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30 May 2022

It has long been argued that politics and sport should not mix. It’s a point passionately argued by both sides and it is an argument that may never be resolved.

Yet one thing we at the Alliance for Gambling Reform are sure about is that gambling and sport do not mix.

It is why we are passionate in our endeavours to end sports betting advertising.

The industry fails to self-regulate and has so comprehensively hijacked Australian sport today that any child under the age of 13 has not known a time when watching sport did not come with a deluge of ads quoting the betting odds.

We believe that as adults we must protect our children from the harms of adult pursuits like sports betting.

And with the recent Federal election and the victories by a number of independents – who have expressed support for action against sports betting – we have renewed hope that we can see real and lasting change – at long last.

But we also heard some other good news recently when a major sporting club committed to sell out its poker machine holdings.

Hawthorn Football Club President, Jeff Kennett, has announced that the club has agreed to terms of the sale of its Waverley Gardens venue to the Melbourne Racing Club – completing its ‘exit from gaming venue investments’.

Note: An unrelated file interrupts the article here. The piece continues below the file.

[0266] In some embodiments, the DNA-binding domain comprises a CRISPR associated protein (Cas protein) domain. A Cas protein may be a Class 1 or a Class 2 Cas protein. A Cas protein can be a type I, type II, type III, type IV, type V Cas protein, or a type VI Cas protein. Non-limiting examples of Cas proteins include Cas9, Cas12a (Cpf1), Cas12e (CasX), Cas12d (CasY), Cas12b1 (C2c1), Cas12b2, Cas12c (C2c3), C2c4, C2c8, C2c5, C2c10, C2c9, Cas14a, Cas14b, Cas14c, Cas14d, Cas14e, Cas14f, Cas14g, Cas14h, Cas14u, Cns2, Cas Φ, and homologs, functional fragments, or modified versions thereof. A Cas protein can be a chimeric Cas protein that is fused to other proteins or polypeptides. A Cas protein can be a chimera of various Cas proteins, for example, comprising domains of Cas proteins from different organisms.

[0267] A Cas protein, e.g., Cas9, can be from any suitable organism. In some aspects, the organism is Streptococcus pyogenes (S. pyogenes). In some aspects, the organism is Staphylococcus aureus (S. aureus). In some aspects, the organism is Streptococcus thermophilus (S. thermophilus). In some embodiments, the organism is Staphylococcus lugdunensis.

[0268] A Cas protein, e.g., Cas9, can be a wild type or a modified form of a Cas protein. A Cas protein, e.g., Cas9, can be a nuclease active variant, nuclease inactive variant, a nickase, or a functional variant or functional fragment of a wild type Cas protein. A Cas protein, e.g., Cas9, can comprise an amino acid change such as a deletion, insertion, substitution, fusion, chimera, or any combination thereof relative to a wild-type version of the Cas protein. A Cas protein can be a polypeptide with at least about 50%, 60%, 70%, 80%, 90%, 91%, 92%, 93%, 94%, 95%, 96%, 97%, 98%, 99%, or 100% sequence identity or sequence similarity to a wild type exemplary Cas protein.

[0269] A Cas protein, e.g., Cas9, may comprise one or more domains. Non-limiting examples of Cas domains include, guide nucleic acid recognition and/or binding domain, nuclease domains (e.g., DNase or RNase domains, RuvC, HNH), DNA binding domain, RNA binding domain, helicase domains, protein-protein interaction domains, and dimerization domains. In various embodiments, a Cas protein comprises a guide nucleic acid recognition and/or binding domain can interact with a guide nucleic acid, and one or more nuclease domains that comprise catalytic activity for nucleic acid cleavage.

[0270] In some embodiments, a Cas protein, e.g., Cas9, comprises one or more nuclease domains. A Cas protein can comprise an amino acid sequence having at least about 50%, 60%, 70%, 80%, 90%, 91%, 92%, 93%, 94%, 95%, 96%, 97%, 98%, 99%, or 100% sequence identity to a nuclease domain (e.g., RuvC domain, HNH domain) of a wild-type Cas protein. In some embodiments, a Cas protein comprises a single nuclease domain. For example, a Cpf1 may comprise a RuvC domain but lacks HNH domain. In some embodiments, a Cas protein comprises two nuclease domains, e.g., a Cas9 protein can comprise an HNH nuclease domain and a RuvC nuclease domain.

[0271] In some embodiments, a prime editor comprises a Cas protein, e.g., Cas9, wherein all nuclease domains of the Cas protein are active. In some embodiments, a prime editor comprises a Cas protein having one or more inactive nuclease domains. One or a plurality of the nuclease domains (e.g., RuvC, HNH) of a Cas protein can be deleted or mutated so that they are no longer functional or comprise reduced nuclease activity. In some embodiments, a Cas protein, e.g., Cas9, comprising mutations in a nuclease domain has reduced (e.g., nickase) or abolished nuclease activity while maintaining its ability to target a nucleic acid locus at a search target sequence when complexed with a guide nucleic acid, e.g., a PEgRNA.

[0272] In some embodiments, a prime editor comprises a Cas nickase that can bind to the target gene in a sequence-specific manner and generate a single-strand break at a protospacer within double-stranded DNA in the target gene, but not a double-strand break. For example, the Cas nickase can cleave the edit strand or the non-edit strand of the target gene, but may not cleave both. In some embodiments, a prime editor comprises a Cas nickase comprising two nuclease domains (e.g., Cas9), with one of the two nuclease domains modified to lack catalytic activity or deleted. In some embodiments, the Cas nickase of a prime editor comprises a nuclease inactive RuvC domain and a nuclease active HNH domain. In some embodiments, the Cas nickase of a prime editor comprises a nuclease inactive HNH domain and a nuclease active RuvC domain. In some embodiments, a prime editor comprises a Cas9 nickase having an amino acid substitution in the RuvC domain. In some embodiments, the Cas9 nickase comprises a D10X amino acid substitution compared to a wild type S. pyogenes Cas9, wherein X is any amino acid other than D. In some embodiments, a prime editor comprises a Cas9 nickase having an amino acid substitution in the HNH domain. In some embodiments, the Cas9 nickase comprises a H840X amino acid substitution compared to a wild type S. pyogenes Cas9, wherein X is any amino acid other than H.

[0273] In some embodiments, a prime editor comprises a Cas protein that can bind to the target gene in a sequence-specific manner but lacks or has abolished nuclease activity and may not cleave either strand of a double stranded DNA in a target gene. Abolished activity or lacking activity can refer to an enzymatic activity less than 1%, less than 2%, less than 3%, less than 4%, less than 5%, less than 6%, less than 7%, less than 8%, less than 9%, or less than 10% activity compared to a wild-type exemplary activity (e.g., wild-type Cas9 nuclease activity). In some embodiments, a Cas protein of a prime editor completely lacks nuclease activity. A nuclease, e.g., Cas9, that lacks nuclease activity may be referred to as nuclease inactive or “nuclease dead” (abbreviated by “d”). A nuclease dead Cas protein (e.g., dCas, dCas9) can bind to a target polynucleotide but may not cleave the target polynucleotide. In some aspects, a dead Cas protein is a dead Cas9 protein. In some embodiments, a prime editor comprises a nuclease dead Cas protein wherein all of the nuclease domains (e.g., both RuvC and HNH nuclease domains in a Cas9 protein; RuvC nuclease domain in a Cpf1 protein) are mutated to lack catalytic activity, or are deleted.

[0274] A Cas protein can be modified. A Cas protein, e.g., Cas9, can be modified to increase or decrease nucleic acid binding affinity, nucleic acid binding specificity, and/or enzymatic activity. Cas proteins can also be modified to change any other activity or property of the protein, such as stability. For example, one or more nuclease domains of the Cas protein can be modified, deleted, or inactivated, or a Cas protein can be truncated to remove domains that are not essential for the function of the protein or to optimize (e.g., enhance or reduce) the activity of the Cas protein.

It’s welcome news from a club, and from a club president that had steadfastly adhered to keeping their poker machines.

Other Victorian AFL clubs have already divested themselves of poker machines in their revenue including North Melbourne, the Western Bulldogs, Collingwood and Geelong.

The Melbourne Football Club is also on the way.

The Alliance welcomes the moves by these clubs. We don’t believe sports should be compromised by gambling revenue.

In a recent poll by the AFL, fans said the second biggest turn-off from the game was the endless number of sports betting ads. Second only to bad umpiring decisions.

At the Alliance we believe the time is right for change.

We believe it is long overdue that we should ban all sports gambling advertising on television, radio and online.

Last year sports gambling advertising soared to $287m and that’s before the value of online ads is included.

The industry is increasingly aggressive and will not self-regulate. It is up to the government to regulate it and to protect the community from the harms of gambling.

Indeed earlier this month Belgium declared it would move to do just this, to ban sports advertising and arguing ‘gambling is the new smoking’.

This is a path Australia should follow. Australia led the world in important public health and public interest actions in banning tobacco advertising.

It is entirely appropriate to take the same action against sports advertising. We owe it to our kids to do it again.

There are signs that the tide is turning. That people are sick of the scourge of gambling and the bombardment of sports betting ads on every platform. We hope that with your continued support we can make change a reality across our communities.

Carol Bennett CEO, Alliance for Gambling Reform

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